Essay #4 Yolanda Cooley
The play Angels in America by Tony Kushner gives the reader an array of character development in which the struggle of society and politics provides a sense of loneliness and individual discontent to the people who do not conform to its structure. Joe Pitt, a polite and silent being, is forced to hide more skeletons in the closet than your average bored, upper-class business man. His homosexual desires and the downfall of his marriage allows him no peace. Whereas Roy Cohn, Joe’s opposite in his disposition to hate in which he does not internalizes, but extroverts his anger back upon society. He strikes out at others that would dare oppose him although this anger makes him even lonelier and he becomes a target to those who despise him. The progress in these characters reflect their loss of morals and they seep into a darker world – whether in be within themselves or the physical world – of which they can no longer run or fight from.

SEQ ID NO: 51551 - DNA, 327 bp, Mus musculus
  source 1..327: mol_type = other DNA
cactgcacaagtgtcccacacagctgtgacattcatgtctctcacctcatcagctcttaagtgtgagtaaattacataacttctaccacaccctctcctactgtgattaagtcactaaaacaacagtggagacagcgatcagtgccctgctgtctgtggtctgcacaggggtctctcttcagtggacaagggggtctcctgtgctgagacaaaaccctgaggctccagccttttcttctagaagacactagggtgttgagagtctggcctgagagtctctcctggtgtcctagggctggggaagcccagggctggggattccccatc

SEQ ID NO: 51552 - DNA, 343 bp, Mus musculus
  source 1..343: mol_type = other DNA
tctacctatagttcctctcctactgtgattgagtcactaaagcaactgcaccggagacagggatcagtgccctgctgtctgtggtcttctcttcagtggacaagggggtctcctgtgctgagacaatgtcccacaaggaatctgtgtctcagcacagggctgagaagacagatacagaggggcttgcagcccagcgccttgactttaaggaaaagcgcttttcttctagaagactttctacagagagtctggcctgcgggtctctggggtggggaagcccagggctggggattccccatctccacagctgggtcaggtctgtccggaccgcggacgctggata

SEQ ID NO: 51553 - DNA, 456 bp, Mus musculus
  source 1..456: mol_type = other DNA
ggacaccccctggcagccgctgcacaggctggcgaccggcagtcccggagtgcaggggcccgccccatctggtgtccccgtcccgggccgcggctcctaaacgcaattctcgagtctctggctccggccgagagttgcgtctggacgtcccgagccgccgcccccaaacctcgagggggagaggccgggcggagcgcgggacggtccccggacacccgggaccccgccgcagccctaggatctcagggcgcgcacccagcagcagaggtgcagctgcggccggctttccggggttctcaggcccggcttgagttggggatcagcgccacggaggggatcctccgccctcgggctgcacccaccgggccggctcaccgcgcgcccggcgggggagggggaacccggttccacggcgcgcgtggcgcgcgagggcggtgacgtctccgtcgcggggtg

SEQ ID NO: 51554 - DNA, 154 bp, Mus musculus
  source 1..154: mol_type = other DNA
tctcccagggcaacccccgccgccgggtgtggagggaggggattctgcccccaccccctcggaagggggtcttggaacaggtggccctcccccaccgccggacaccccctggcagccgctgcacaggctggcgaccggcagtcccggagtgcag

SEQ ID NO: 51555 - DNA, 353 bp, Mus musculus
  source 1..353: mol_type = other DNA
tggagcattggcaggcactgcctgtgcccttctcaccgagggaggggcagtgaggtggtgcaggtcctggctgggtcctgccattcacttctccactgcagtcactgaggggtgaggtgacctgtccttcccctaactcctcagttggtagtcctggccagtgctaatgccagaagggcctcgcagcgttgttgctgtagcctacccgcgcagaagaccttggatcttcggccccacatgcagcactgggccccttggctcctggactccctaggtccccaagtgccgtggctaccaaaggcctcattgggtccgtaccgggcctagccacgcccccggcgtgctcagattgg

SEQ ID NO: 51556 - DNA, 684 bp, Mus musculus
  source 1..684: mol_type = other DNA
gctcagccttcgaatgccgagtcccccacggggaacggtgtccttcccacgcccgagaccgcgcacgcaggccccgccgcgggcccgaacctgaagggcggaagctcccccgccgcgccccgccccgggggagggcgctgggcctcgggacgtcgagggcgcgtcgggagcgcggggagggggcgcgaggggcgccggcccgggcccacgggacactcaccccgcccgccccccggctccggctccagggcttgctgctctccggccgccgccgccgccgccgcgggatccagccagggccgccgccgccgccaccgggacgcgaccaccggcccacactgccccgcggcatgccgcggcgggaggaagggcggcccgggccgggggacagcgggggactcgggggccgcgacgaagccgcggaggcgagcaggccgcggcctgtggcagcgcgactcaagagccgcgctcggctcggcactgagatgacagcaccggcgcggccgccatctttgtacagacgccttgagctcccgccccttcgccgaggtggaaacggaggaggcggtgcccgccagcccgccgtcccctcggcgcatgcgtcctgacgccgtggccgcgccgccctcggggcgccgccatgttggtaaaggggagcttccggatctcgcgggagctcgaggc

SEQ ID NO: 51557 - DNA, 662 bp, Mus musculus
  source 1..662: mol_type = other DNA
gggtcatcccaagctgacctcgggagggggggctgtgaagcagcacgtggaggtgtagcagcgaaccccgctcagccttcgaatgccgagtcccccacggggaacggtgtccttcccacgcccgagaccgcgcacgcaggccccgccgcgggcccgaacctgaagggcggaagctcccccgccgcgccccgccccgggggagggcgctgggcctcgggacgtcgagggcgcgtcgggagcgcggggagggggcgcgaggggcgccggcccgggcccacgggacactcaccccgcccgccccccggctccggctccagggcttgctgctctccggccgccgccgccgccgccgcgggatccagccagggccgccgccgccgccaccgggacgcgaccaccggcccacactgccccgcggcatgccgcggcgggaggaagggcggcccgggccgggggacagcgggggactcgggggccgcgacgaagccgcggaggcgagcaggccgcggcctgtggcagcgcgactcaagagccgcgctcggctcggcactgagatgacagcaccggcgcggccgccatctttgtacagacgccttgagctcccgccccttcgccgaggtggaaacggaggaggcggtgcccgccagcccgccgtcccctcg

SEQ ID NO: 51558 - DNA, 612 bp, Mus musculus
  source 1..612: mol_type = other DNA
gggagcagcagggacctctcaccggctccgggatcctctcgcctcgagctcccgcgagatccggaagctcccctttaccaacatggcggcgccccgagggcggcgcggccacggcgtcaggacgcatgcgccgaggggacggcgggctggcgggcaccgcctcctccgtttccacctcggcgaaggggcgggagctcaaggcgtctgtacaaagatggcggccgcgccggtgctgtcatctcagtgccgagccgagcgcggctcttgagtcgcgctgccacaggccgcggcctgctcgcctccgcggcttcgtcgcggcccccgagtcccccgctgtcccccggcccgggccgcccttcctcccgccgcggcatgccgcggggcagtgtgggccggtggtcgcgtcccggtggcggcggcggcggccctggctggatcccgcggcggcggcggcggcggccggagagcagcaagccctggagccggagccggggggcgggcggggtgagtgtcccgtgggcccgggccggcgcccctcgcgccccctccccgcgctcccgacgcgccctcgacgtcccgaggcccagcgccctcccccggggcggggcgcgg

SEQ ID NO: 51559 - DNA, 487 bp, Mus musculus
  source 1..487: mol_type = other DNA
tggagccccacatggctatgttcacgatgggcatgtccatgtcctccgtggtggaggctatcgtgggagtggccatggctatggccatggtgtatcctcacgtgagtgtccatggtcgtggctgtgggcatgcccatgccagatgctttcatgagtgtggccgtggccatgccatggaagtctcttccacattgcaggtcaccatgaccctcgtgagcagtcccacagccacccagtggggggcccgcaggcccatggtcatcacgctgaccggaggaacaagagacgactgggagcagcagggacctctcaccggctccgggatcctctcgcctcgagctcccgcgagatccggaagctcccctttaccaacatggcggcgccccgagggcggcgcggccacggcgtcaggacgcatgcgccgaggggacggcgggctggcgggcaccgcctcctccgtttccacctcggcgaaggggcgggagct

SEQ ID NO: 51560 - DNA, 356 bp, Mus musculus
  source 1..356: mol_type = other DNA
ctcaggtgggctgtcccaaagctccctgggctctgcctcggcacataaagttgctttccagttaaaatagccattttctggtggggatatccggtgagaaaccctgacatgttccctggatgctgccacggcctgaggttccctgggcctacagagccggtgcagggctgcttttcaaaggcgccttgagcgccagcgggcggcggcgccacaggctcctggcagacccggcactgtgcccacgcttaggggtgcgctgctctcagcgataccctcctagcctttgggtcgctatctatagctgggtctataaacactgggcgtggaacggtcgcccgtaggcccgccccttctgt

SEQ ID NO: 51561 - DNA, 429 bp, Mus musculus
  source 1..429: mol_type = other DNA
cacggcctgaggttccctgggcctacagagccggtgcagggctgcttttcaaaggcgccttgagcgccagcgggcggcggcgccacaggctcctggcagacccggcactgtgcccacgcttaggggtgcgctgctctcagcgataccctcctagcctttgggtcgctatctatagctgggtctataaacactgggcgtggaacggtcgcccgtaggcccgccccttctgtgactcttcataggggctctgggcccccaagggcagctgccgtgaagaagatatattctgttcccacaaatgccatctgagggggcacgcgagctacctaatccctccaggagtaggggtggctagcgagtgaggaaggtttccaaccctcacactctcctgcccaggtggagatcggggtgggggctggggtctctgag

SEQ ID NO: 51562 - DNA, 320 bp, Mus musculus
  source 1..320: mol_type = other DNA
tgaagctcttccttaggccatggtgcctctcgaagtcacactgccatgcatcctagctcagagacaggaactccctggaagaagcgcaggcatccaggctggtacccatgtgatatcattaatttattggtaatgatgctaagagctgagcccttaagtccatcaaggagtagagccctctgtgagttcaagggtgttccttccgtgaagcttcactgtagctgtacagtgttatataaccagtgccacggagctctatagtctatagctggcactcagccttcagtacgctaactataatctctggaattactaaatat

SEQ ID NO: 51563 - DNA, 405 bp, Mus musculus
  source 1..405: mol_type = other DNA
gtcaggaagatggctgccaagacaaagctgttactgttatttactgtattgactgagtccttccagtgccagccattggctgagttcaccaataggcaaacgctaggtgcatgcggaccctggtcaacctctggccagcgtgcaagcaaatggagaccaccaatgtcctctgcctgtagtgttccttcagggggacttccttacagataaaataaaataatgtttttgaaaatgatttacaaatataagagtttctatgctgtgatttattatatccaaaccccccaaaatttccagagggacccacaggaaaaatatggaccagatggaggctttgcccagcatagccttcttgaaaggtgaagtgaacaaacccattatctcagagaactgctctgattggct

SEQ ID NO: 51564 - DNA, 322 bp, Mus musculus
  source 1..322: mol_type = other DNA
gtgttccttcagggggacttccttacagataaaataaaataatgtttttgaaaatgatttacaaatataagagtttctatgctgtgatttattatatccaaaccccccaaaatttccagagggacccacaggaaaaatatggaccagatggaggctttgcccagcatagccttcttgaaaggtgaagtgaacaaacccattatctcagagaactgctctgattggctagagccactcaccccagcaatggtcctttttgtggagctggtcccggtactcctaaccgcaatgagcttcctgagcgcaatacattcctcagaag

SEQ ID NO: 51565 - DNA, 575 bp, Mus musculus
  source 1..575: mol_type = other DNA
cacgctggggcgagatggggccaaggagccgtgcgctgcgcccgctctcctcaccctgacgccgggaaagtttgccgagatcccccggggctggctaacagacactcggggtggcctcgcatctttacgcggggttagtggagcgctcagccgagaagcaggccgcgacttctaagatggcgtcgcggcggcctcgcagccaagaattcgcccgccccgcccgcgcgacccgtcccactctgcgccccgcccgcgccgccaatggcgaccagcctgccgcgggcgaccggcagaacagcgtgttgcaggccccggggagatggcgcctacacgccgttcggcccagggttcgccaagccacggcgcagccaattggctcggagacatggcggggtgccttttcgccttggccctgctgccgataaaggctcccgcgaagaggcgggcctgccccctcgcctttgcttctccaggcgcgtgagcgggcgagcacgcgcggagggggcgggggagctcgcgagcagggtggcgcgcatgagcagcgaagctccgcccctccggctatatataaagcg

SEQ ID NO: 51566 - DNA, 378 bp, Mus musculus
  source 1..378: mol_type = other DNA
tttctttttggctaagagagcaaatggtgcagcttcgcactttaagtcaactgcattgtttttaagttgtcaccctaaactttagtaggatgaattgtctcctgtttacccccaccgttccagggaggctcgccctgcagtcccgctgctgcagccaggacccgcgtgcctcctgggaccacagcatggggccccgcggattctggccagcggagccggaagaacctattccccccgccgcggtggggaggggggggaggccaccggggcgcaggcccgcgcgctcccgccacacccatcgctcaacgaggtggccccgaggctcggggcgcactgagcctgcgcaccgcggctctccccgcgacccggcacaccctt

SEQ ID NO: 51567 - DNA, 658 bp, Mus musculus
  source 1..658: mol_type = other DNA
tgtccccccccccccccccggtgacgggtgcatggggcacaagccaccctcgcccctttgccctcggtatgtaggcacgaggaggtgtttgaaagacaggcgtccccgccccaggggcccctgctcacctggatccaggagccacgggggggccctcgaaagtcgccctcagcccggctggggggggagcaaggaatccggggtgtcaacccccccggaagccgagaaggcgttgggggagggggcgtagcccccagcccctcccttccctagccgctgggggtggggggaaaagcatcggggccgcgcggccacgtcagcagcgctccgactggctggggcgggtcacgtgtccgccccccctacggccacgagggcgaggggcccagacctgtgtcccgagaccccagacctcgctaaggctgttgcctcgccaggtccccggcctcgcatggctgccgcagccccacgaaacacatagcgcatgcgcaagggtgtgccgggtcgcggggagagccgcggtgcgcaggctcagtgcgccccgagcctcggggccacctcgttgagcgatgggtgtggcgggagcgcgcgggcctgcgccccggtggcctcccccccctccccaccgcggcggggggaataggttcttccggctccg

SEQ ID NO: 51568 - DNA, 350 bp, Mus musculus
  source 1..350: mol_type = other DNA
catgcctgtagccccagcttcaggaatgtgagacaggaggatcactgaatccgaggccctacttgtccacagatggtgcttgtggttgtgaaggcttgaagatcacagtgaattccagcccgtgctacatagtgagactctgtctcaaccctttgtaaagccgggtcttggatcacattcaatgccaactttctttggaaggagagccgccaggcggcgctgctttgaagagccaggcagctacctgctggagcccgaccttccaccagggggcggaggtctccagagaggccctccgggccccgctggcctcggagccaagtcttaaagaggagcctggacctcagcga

Hidden desires, shame, and punishment – this is the daily cycle Joe tends to. It eats away at him and finds no refuge. When his wife Harper suspects his sexuality, he lashes back, “I knew this when I married you…I thought maybe with enough effort…I could change myself…but I can’t.” (Kushner, 83) The despair he relinquishes is Joe’s torment in society. When everyone he knows and loves turns their back on him, he fears he has fallen from all grace that he had tried to attain. The truth is that when society does not accept a person or people, that particular person or group feels the isolation and unwanted aura from their humankind. They may attempt to change or hide the person they are but some secrets can’t be hidden away forever. For Joe, his resistance is not as powerful as his fears.
Roy Cohn is a successful lawyer in New York, who is dying of AIDS because of his sexual escapades with young men. He keeps his lovers separate from his professional life for the simple fact that if he...